GUSTINE - Three Gustine Unified School District campuses surveyed by a visiting inspector earlier this year got solid marks for the conditions of the facilities.

The schools, Gustine Elementary, Gustine High and Romero, also were found to have no deficiencies in instructional materials or in teacher credentialing the school board was told recently by John Magneson, assistant superintendent with the Merced County Office of Education.

He said a total of 25 schools in the county were visited in what are known as Williams Act inspections, which are designed to verify that students have safe, well-maintained facilities in which to learn, adequate instructional materials and properly credentialed teachers.

“I am very happy that they all came out well,” Gustine Unified Superintendent Bryan Ballenger said of the results. “There were no discrepancies and no (adverse) findings.”

Each of the three schools inspected were deemed to be in “good” condition, meaning that they scored between 90 percent and 98.99 percent.

No extreme deficiencies were detected at any of the sites.

Gustine Elementary

Of the three campuses visited, the newest emerged with the highest marks in the facility inspection.

Gustine Elementary scored at just under 98 percent on the inspection.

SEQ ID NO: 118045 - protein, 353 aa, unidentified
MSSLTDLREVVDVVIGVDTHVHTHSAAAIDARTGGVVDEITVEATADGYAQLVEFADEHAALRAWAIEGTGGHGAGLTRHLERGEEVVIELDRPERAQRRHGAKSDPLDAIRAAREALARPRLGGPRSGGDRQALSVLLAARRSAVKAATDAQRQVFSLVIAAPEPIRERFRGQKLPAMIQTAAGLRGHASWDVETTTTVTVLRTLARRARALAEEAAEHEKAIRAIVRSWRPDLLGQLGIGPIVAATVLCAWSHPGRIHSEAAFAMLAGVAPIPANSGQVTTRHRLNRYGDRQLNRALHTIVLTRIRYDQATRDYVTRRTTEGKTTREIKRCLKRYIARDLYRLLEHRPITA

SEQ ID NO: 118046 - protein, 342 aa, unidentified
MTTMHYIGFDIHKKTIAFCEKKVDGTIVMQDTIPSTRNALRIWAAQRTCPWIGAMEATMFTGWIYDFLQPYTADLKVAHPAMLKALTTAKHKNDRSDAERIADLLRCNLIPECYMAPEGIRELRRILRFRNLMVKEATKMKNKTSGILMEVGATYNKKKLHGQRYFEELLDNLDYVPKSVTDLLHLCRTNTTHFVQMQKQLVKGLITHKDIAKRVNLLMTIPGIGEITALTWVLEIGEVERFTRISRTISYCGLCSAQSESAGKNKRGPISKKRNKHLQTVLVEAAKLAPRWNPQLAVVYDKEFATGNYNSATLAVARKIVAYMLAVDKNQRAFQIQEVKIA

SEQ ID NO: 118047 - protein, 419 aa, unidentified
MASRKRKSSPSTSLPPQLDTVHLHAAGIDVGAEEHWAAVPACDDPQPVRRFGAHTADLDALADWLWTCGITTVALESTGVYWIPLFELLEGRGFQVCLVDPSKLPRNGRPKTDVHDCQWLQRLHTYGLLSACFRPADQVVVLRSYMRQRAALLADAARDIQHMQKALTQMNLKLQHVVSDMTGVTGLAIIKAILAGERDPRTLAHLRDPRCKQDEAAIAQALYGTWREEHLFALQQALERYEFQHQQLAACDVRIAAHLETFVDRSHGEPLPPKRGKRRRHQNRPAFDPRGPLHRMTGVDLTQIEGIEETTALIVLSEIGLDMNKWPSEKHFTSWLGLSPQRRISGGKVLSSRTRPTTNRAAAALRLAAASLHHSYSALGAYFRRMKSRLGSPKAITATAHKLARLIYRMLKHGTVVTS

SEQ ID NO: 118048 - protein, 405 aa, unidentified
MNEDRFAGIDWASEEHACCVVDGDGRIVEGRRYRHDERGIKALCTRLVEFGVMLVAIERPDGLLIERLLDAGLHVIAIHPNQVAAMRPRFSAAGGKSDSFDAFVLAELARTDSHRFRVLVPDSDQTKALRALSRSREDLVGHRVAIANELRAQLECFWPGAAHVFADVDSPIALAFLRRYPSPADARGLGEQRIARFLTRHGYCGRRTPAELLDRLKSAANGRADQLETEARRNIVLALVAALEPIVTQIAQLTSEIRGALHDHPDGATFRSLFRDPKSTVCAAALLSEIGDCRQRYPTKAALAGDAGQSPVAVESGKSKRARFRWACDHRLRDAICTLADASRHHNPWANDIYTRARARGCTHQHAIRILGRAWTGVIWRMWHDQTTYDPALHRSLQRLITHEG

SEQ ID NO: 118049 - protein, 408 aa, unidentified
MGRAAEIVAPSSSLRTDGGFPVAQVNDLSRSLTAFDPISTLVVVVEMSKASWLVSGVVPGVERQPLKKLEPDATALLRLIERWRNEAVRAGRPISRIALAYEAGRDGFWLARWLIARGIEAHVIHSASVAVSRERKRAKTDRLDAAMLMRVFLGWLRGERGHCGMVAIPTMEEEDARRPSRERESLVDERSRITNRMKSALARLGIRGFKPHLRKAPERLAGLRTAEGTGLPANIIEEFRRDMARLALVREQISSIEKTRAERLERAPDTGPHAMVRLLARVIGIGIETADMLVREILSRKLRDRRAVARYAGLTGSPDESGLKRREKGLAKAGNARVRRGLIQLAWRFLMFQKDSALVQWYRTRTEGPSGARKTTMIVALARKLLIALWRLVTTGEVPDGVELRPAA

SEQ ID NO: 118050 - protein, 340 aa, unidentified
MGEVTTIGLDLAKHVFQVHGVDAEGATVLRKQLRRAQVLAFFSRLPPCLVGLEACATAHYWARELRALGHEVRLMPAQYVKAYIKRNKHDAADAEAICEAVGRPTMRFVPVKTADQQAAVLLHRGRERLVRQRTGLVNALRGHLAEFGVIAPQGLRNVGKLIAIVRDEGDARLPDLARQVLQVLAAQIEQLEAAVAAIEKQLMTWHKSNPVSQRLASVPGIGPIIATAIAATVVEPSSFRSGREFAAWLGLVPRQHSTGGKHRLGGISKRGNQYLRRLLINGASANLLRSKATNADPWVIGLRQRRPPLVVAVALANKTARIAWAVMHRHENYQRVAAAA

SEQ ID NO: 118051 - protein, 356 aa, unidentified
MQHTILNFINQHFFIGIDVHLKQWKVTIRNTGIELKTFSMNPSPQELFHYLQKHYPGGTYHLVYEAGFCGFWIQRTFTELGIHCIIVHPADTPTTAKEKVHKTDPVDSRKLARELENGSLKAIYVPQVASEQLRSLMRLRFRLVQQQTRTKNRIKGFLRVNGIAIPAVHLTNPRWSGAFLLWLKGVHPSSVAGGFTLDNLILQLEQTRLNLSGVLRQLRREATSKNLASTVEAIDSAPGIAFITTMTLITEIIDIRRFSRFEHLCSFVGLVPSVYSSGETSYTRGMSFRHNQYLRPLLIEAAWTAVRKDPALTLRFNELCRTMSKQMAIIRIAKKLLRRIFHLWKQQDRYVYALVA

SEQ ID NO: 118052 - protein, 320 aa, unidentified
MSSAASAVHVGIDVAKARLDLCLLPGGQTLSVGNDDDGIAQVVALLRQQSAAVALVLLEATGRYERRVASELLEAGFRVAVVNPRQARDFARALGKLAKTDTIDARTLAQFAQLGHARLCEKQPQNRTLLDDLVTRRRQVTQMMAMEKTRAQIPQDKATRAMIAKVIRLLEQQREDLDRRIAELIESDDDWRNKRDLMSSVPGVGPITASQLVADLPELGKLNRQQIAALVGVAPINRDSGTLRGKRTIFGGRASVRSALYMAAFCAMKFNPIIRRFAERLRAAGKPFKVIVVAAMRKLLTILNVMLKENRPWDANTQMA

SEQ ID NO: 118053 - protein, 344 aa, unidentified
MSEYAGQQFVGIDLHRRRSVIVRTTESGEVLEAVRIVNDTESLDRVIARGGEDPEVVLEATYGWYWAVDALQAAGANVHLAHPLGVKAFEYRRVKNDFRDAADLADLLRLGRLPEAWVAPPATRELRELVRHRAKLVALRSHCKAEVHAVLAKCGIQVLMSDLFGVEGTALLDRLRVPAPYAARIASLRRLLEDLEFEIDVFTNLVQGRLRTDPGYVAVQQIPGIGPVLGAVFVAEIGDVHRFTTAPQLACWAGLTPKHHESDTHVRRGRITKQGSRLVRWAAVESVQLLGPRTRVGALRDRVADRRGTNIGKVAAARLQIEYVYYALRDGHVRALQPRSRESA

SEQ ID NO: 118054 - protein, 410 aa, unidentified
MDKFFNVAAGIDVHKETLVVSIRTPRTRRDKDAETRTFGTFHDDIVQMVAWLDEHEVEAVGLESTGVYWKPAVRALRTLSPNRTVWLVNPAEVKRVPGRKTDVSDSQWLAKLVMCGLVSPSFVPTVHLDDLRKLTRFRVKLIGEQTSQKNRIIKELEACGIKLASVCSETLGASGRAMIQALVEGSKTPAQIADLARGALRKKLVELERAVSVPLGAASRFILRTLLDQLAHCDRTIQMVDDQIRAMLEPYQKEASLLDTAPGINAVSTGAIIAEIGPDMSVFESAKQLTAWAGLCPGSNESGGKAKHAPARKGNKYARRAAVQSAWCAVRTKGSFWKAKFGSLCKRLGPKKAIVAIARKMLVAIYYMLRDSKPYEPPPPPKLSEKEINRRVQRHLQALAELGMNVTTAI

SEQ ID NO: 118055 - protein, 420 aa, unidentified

Deficiencies noted by inspectors included playground fall material in need of repair, a chipped counter top in one classroom and a vent in need of repair and peeling paint in a second.

Romero School

The Santa Nella campus scored just over 93 percent on the inspection.

Among the classroom deficiencies noted were broken cabinet handles and loose baseboard in one classroom. Three other rooms had a single deficiency, including a loose faucet, stained ceiling tiles and a hole in a wall.

Restroom deficiencies flagged included peeling paint in one, damaged flooring in another and rusting stalls in a third.

One unspecified playground deficiency was also noted.

Gustine High

The high school campus earned a score of just under 91 percent on the inspection to narrowly score in the good range.

That result, however, represents a turnaround from several years ago. Gustine High scored in the mid-70 percent range five years ago and was deemed in “poor” condition.

Ballenger credited Russell Hazan, the district’s maintenance director, and his crew for the improvements.

“They have worked extremely hard to make that happen,” Ballenger commented. “We are proud of that campus, but the school being as old as it is does pose a lot of challenges.”

Among the deficiencies noted at the high school campus were damaged ceiling tiles in multiple locations, lights out in multiple locations, chipped or missing floor tiles, damaged lockers, an eye wash station lacking water pressure, chemicals improperly stored, peeling paint and ripped tackboard.

All in all, Ballenger said, he believes the findings reflect well on the district and its facilities.

The importance of clean and safe facilities cannot be overstated, he added.

“You want kids to go somewhere they are proud of. They want to be able to look around and see nice conditions. Nobody wants to learn in a dilapidated building,” the superintendent commented. “When you are clean, you are a safe school and it lets parents and the community know that you are doing your job.”